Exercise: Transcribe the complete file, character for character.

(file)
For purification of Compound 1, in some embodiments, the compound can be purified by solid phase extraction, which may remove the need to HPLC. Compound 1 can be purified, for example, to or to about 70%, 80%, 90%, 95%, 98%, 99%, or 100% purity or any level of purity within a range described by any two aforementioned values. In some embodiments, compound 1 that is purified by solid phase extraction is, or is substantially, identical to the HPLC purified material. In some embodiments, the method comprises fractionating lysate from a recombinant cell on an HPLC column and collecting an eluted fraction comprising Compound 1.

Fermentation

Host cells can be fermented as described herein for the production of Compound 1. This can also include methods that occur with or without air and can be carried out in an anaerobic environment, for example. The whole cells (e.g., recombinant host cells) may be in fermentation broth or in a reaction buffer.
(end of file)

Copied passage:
For purification of Compound 1, in some embodiments, the compound can be purified by solid phase extraction, which may remove the need to HPLC. Compound 1 can be purified, for example, to or to about 70%, 80%, 90%, 95%, 98%, 99%, or 100% purity or any level of purity within a range described by any two aforementioned values. In some embodiments, compound 1 that is purified by solid phase extraction is, or is substantially, identical to the HPLC purified material. In some embodiments, the method comprises fractionating lysate from a recombinant cell on an HPLC column and collecting an eluted fraction comprising Compound 1.

Fermentation

Host cells can be fermented as described herein for the production of Compound 1. This can also include methods that occur with or without air and can be carried out in an anaerobic environment, for example. The whole cells (e.g., recombinant host cells) may be in fermentation broth or in a reaction buffer.